Jfm Instructions

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This draft was prepared using the LaTeX style file belonging to the Journal of Fluid Mechanics 1
Guidelines for authors and submission
Alan N. Other1, H. - C. Smith1and J. Q. Public2
1Department of Chemical Engineering, University of America, Somewhere, IN 12345, USA
2Department of Aerospace and Mechanical Engineering, University of Camford, Academic
Street, Camford CF3 5QL, UK
(Received xx; revised xx; accepted xx)
This file contains instructions for authors planning to submit a paper to the Journal of
Fluid Mechanics. These instructions were generated in L
X using the JFM style, so the
X source file can be used as a template for submissions. The present paragraph
appears in the abstract environment. All papers should feature a single-paragraph
abstract of no more than 250 words, which provides a summary of the main aims and
Key words: Authors should not enter keywords on the manuscript, as these must
be chosen by the author during the online submission process and will then be added
during the typesetting process (see http://journals.cambridge.org/data/relatedlink/jfm-
keywords.pdf for the full list)
1. Modifications
This version of the guidelines contains the following additions and bug fixes, mostly in
the new BibTeX style file jfm_jabbrv.bst:
Abbreviation of journal titles with the package jabbrv. The BibTeX file must be
updated to be compatible with this package. This option can be disabled by commenting
the package, and changing the BibTeX style file jfm_jabbrv.bst according to the
instructions of that package.
Replace the first name of authors in the References with their first name initials.
Replace with et al. if more than 10 authors, according to the recommendations in
these guidelines.
Fixed the case of “others” used in authors list, by adding \au{others}.
Do not add arXiv if the paper is published: FUNCTION {format.eprint}.
Removed empty ’, ,’ when empty series for FUNCTION {format.bvolume}.
Added the package hyperref to link references.
Test of a BibTeX entry copied from Mendeley with special characters (Thoraval et al.
2. How to submit to the Journal of Fluid Mechanics
Authors must submit using the online submission and peer review system, Scholar One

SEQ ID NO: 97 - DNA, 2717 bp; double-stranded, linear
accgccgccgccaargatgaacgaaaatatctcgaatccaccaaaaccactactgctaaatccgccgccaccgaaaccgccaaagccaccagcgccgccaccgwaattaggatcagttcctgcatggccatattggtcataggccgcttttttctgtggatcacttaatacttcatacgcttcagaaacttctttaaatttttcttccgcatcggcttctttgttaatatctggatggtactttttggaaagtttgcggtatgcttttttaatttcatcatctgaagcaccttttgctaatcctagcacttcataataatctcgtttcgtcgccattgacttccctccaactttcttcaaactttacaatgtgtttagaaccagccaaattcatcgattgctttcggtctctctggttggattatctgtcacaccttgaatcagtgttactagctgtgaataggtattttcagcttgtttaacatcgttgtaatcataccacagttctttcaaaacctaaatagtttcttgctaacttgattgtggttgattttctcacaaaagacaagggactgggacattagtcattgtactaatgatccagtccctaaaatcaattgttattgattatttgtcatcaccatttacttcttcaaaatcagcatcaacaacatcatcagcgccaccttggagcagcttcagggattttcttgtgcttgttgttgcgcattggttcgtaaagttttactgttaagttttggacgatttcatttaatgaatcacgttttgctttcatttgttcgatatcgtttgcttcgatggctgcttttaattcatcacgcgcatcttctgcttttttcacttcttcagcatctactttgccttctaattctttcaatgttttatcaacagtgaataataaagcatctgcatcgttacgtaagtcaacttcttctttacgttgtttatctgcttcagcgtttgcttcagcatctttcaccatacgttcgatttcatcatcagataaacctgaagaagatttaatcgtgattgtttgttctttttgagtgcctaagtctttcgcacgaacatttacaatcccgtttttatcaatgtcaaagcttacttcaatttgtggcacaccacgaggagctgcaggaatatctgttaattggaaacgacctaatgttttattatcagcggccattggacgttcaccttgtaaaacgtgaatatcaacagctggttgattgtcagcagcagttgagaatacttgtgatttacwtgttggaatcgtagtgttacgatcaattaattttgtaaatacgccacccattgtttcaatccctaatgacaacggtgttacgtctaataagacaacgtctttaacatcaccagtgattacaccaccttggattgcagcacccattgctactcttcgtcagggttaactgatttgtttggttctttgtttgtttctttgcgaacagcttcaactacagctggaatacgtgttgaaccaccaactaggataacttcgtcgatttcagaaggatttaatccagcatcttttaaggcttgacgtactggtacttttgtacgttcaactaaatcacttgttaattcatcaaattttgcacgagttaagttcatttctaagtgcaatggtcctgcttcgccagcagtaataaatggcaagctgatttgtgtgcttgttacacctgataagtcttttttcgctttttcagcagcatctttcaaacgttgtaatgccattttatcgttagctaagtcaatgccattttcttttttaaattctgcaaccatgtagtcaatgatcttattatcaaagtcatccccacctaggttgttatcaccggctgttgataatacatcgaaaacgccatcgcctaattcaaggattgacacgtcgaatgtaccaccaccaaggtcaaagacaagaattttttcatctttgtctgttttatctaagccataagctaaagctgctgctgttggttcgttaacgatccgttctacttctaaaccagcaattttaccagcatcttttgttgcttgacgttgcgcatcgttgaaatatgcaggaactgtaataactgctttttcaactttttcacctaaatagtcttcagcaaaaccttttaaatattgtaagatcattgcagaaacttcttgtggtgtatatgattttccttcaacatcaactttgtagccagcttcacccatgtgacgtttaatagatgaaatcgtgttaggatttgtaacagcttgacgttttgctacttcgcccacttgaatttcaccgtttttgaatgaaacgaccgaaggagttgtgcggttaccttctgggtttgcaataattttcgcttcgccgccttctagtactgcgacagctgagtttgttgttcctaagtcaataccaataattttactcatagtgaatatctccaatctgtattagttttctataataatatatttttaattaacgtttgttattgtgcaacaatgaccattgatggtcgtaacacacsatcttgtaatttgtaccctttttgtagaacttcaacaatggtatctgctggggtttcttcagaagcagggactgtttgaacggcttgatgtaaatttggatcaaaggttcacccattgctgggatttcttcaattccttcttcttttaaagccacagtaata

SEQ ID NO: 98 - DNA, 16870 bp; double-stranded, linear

Manuscripts (formerly Manuscript Central) at http://mc.manuscriptcentral.com/jfm. If
Email address for correspondence: jfm@damtp.cam.ac.uk
2A. N. Other, H.-C. Smith and J. Q. Public
visiting the site for the first time, users must create a new account by clicking on ‘register
here’. Once logged in, authors should click on the ‘Corresponding Author Centre’, from
which point a new manuscript can be submitted, with step-by-step instructions provided.
Authors must at this stage specify whether the submission is a standard paper, or a
JFM Rapids paper (see §5for more details). In addition, authors must specify an editor
to whom the paper will be submitted from the drop-down list provided. Note that all
editors exclusively deal with either standard papers or JFM Rapids (clearly indicated on
the list), so please ensure that you choose an editor accordingly. Corresponding authors
must provide a valid ORCID ID in order to submit a manuscript, either by linking an
existing ORCID profile to your ScholarOne account or by creating a new ORCID profile.
Once your submission is completed you will receive an email confirmation. Book reviews
should not be submitted via the online submission site and should instead be submitted
by email to c.p.caulfield@damtp.cam.ac.uk.
3. Rules of submission
Submission of a paper implies a declaration by the author that the work has not
previously been published, that it is not being considered for publication elsewhere and
that it has not already been considered by a different editor of the Journal. Note that a
report on a conference must be submitted within 3 months of the meeting.
4. Types of paper
4.1. Standard papers
Regular submissions to JFM are termed ‘standard papers’. Note that such papers must